In order to keep our students safe online, as well as ensure technology integration is purposeful, ISD77 has developed a vetting process that needs to be completed in order for apps to be installed on iPads.
Prior to submitting an app for approval, please complete the MAPS app rubric to ensure it aligns with technology and curriculum requirements for our students.
If the app scores a 28 or higher, please complete this form (posted on each schools website) for approval. App requests will be reviewed once a month.
December 5 - 11, 2016 is Computer Science Education Week
All students at Eagle Lake Elementary School will be participating in The Hour of Code during their media time the week of December 5th and the week of December 12th. We will then be using our coding knowledge to program the various robots that we have as well.
There are so many activities available for them to learn and practice coding. I have them linked on our Eagle Lake Media Website.
If your students have a chance during their days, please encourage them to use some of the coding websites during these two weeks. You might even add it to your weekly newsletter.
Here are some facts about why coding is important:
There are currently 517,393 open computing jobs nationwide.
Last year, only 42,969 computer science students graduated into the workforce.
1. Programming is a basic literacy in the digital age.
Kids are growing up in a very different world than that of their parents. Cellphones, computers, Youtube, Netflix, and Facebook are embedded in their daily lives. Even toys are digital, and many are programmable, such as Legos and the new-generation LeapFrogs.
It is one thing to know how to use these technologies. It’s another, however, to understand the logic behind them. When learning to program, kids understand and tinker with the digital world they inhabit. Coding draws back the seeming “magic” of technology so they can truly understand the logic and science that controls this technology–a discovery that is all the more magical.
Our reliance on technology will only increase. The students of today must be able to not only passively consume this technology, but also to understand and control it, becoming an active part of this huge digital shift.
2. Programming can change the world.
For the last several centuries, people relied on the written word to spread ideas. The ability to write was the ability to create change. Today, writing is not enough. To change behavior, it is crucial to leverage the digital medium.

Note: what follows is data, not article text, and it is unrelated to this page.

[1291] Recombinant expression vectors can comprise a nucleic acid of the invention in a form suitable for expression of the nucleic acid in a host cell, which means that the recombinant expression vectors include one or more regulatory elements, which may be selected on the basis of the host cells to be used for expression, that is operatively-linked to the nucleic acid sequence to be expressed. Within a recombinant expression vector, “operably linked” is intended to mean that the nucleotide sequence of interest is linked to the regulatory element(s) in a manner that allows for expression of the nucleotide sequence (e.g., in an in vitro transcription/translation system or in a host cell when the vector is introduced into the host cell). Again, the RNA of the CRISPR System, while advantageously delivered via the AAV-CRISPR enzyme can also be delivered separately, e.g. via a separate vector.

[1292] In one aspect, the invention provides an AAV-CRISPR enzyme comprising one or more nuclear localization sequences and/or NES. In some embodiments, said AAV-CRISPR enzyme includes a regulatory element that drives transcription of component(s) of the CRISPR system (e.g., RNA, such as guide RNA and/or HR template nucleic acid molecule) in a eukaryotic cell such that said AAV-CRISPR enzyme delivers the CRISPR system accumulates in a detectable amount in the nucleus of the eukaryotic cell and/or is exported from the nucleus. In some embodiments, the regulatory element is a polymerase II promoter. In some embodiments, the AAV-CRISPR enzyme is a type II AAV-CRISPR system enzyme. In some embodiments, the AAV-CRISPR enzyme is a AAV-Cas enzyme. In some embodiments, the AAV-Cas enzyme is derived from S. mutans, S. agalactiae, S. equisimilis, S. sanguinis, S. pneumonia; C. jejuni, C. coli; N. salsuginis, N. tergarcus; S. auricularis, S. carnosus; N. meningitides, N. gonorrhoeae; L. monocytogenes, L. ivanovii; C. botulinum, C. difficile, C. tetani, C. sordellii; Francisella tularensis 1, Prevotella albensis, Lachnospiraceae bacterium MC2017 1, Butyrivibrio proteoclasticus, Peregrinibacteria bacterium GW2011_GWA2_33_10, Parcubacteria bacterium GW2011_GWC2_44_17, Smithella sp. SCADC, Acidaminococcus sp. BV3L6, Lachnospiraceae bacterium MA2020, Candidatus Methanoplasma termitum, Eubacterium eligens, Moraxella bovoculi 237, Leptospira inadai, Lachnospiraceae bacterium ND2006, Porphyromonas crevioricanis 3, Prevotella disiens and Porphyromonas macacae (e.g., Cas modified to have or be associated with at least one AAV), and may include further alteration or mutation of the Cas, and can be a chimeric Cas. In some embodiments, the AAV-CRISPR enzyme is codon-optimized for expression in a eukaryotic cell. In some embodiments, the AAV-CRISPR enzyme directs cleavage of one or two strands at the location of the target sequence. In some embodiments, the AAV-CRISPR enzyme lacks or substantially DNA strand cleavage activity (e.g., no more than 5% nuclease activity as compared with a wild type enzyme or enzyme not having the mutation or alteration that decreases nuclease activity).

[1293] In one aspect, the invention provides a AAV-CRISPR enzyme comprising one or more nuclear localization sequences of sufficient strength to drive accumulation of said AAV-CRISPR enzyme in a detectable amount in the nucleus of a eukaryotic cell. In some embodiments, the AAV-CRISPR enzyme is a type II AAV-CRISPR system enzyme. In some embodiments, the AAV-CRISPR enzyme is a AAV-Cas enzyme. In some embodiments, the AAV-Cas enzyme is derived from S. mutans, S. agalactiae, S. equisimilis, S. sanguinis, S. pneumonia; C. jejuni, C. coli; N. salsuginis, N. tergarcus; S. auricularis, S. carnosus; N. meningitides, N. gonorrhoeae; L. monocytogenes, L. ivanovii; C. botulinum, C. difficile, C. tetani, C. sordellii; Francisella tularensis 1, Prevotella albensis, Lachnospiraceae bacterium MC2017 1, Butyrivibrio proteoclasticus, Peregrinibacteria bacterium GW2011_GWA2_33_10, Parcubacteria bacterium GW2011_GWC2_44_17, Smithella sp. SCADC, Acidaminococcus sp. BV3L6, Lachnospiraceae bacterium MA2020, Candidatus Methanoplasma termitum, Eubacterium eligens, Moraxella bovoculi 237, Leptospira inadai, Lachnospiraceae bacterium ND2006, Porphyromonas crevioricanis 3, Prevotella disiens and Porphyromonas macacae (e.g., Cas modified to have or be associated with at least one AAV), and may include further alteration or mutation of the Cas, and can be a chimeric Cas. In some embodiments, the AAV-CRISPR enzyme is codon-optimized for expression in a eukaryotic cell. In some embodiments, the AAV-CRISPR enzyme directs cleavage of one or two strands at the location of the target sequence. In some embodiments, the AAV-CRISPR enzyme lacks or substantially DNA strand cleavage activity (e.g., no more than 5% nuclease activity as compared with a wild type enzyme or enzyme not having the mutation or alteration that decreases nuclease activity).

We’re seeing all around us that programming is changing the world.
3. “You have an idea for then next big innovation? Great. Can you bring it to life?”
Everyone has ideas. Only a select few can make them happen. The ability to code separates those who merely have an idea from those who can make their ideas a reality.
If you want your child to be a thinker and innovator who can bring ideas to life, encourage him or her to learn how to program. Programming gives children confidence that they can be designers and builders.
4. Programming doesn’t have to be hard to learn.
I If a child programs an object to move in a certain way and then immediately sees the results she wanted, then she knows she has manipulated the code correctly. This type of instant positive reinforcement is an incredibly powerful educational tool.
Learning how to program is like learning any other language in that the skill must be practiced and tested out. Just as languages open up the ability to communicate with worlds of people, programming gives children the ability to create technologies that impact those around them. With just a computer, kids can use their programming skills to build things that could change the world.
Click Here to get to SMART Notebook Express to go to a webpage to create simple Notebooks files. You can do this on your Chromebook or a device that doesn't have Notebook software. You can also run Notebook files that you have already created. You could create simple files on your Chromebook at home or anywhere or run them from your Chromebook with the touchscreen.
Today's Post comes from a blog that I follow by Alice Keeler. It shows how to make a Google Form in 7 steps. I use Google Forms to quiz students who have read the Maud Hart Lovelace books. I also use them to have the students vote for their favorite book characters that students made for the Makerspace Book Character competition in the library.
Google has updated Google forms and it is so easy for students to use and also easy to interpret the information that you can get from the forms. It would be cool to have students create some forms of their own to collect information. See the easy infograph below to learn how to use the new Google Forms.
Today, the tech tip is simply to ask you to share this with your students.
We had 4th and 5th grade helpers in the media center today to organize Legos into colors. We put them into containers hoping that this will help our builders at the Lego wall create awesome projects. Would you please share the video and pictures with your class to remind them to try to keep the Legos organized. Anything they don't use should be put away. Thank you.
-Ms. Weckwerth, Mrs. Buesing, and this week's MakerSpace Helpers.
These orange pieces help to take the Legos apart. Please put them back in these holders when you are finished with them.